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These climate tech companies just got $60 million

The challenge in cleaning up the process lies, at least in part, in the fact that lava-hot temperatures are required to kick off the chemical reactions that make cement—I’m talking over 1,500 °C (2,700 °F). 

Queens Carbon developed a new process that cuts down the temperature needed to under 540 °C (1,000 °F). Still toasty, but easier to reach efficiently and with electricity, the company’s CEO, CTO, and cofounder Daniel Kopp said on a press call about the awards. Ideally, that electricity will be supplied with renewables, which could mean big emissions savings.

Queens Carbon will also pocket $14.5 million, and the funding should help with the construction of a pilot plant currently being built in partnership with a major cement producer, Kopp said on the press call. The company plans to scale up to a full-size plant in late 2028 or 2029.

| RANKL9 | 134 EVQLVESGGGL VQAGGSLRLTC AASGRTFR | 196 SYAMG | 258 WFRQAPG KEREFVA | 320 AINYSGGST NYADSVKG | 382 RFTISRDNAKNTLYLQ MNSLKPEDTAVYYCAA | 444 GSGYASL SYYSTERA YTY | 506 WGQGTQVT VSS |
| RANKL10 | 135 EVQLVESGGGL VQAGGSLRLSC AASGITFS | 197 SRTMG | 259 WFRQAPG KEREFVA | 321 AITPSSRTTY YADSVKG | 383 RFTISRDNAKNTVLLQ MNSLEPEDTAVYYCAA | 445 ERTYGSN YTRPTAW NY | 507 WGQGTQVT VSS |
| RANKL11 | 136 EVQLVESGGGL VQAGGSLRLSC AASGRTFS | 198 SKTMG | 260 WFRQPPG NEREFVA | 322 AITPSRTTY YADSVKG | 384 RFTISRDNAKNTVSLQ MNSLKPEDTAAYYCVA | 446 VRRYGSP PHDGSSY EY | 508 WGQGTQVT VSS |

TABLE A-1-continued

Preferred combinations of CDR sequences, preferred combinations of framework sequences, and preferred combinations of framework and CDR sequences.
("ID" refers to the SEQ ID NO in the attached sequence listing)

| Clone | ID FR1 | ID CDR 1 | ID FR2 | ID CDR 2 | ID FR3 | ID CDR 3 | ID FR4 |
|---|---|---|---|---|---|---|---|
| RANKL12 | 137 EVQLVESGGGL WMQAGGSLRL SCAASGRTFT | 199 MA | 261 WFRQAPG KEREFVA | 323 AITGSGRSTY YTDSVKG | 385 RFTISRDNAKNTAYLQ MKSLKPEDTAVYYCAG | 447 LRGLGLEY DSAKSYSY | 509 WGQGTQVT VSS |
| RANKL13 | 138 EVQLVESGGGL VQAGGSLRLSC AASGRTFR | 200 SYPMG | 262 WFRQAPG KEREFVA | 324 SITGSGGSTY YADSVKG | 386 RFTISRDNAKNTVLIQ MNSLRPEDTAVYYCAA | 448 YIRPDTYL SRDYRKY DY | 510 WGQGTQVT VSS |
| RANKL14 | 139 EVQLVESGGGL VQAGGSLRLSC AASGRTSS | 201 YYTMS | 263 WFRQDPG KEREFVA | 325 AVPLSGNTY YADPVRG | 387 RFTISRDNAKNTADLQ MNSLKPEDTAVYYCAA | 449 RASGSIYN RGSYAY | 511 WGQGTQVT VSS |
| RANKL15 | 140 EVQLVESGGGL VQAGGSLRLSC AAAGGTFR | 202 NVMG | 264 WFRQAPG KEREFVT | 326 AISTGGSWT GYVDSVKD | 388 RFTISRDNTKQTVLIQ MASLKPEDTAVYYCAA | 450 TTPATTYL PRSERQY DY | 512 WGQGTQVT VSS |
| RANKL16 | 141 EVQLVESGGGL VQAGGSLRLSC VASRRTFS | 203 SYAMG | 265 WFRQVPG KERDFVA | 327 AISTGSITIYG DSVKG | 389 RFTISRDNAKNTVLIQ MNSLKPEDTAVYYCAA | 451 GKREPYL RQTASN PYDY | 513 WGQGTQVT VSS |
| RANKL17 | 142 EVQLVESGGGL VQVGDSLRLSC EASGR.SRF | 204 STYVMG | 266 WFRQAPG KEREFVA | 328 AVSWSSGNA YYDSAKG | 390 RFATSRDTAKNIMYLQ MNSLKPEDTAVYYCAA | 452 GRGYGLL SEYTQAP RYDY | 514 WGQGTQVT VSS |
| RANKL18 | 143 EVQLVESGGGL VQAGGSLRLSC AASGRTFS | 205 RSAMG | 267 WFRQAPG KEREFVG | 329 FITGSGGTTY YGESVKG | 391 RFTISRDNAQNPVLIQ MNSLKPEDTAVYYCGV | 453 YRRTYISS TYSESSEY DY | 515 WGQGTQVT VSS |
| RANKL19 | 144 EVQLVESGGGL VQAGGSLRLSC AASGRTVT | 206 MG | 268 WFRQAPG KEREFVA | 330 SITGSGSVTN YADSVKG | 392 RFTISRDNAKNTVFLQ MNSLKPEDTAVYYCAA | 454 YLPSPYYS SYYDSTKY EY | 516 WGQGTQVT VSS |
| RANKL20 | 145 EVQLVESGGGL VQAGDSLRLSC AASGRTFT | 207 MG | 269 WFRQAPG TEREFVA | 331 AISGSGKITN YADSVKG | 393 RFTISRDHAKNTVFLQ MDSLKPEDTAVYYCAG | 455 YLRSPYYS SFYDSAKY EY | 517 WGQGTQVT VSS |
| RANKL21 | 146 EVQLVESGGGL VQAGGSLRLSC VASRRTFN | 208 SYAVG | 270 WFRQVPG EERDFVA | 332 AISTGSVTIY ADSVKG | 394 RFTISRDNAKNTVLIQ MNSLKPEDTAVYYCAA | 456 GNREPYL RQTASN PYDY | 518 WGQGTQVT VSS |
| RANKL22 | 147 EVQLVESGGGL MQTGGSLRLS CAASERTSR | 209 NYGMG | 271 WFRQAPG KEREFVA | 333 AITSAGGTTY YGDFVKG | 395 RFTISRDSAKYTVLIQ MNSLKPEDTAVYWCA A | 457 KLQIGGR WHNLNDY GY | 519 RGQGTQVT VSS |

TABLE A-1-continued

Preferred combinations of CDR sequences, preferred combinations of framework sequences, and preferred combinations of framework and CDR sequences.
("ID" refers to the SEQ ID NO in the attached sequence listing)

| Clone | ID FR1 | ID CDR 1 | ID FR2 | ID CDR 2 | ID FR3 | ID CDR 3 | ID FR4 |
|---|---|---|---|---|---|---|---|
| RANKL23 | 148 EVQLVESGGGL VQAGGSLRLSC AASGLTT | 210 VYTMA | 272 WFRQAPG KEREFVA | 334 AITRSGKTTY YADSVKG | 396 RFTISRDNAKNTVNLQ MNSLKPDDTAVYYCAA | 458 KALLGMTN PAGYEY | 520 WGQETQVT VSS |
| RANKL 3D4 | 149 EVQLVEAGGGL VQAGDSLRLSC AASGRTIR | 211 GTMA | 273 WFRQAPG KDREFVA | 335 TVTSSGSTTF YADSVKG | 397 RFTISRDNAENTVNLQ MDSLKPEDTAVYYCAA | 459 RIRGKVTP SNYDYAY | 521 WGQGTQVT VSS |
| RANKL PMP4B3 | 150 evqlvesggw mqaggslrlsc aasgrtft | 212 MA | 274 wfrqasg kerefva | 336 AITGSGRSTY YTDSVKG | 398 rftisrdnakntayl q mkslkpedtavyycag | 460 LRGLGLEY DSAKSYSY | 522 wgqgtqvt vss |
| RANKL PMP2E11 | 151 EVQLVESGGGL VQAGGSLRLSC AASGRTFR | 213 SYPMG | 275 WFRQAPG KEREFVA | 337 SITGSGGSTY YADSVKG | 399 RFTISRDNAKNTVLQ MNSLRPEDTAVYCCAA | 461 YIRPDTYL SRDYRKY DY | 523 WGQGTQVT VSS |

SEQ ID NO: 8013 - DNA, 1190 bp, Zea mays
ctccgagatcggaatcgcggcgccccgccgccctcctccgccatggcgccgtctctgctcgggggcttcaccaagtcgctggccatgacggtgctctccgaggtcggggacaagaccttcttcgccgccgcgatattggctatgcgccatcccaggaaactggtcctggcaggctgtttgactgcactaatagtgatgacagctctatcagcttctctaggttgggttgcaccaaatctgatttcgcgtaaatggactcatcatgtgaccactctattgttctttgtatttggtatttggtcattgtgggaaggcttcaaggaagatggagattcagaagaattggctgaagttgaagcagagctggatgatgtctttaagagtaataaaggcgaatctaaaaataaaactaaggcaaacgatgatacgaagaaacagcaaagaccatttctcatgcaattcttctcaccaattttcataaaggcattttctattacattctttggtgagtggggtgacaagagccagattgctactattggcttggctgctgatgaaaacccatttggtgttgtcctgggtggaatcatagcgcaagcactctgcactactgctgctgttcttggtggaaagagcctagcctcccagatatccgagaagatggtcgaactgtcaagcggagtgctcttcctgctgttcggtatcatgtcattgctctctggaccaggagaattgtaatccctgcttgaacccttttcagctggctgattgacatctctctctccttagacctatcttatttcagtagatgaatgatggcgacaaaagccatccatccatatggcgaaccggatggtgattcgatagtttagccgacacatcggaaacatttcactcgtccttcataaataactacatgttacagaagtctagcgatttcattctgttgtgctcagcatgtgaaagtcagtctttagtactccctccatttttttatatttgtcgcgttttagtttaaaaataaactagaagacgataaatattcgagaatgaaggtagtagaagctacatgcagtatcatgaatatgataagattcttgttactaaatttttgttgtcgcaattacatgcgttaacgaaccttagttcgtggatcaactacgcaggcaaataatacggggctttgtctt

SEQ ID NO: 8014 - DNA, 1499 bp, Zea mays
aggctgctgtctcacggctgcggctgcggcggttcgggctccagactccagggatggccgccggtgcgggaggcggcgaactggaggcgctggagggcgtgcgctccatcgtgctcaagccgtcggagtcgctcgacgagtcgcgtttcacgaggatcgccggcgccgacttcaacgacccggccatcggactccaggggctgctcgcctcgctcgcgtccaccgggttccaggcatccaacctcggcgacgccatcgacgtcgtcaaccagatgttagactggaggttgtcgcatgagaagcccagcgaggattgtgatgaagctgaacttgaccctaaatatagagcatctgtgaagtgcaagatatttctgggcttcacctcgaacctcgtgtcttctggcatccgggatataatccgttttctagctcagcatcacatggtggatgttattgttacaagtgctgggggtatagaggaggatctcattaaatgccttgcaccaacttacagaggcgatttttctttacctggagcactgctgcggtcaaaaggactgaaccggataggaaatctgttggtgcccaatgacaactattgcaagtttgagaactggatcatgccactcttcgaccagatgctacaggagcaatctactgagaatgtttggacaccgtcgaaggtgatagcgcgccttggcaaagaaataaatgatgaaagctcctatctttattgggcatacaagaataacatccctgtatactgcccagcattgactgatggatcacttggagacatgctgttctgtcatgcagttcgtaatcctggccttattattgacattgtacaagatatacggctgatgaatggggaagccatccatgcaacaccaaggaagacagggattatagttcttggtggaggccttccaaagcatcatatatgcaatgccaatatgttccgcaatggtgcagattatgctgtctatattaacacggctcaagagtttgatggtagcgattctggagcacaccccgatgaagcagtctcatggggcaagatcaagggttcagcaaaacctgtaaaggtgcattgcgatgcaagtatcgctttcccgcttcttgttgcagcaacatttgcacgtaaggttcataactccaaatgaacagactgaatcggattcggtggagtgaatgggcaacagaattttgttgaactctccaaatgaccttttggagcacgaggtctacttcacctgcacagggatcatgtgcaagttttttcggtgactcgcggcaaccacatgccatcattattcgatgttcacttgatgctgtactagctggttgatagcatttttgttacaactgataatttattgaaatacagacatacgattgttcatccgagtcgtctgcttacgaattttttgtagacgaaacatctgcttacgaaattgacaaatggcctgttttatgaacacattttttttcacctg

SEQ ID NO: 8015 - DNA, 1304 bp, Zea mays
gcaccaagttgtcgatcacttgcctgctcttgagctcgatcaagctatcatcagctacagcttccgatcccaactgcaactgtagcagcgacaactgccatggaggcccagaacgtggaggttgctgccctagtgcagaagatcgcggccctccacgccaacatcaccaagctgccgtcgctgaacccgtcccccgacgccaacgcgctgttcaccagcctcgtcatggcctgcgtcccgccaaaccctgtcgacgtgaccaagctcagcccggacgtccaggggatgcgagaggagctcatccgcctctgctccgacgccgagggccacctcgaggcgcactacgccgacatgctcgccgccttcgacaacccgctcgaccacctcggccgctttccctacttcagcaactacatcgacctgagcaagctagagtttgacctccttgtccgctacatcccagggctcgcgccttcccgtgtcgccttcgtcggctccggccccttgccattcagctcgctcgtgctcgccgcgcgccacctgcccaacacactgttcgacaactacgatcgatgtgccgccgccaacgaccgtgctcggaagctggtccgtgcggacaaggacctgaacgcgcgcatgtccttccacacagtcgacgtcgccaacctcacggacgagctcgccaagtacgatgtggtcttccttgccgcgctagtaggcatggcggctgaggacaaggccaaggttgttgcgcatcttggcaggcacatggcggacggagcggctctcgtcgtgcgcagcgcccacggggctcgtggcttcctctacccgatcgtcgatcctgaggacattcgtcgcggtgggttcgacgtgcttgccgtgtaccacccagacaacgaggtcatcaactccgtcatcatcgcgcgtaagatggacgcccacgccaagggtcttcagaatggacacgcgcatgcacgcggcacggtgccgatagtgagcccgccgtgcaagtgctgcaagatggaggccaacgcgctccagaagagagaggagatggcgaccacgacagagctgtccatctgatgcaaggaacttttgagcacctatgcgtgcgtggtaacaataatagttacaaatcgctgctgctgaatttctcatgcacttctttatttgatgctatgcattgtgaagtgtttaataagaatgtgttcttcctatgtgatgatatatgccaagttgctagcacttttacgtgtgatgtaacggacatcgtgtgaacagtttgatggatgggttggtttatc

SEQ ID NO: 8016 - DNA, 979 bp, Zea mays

Ion Storage Systems: Next-generation batteries for EVs

The world is always clamoring for better batteries, and Maryland-based Ion Storage Systems wants to deliver with its solid-state lithium-metal technology.

We named lithium-metal batteries one of our 10 Breakthrough Technologies in 2021. The chemistry could deliver higher energy density, meaning longer range in EVs. 

Ion Storage Systems is planning to produce its batteries first for military customers. With the funding ($20 million worth), the company may be able to get its tech ready for larger-scale production for the wider customer base of the electric-vehicle market. 

I was really interested to hear about the emphasis on manufacturing from CTO Greg Hitz on the press call, as scaling up manufacturing has been a major challenge for other companies trying to build solid-state batteries. Hitz also said that the company’s batteries don’t need to be squeezed at high pressure within cells or heated up, and they can be more simply integrated into battery packs. 

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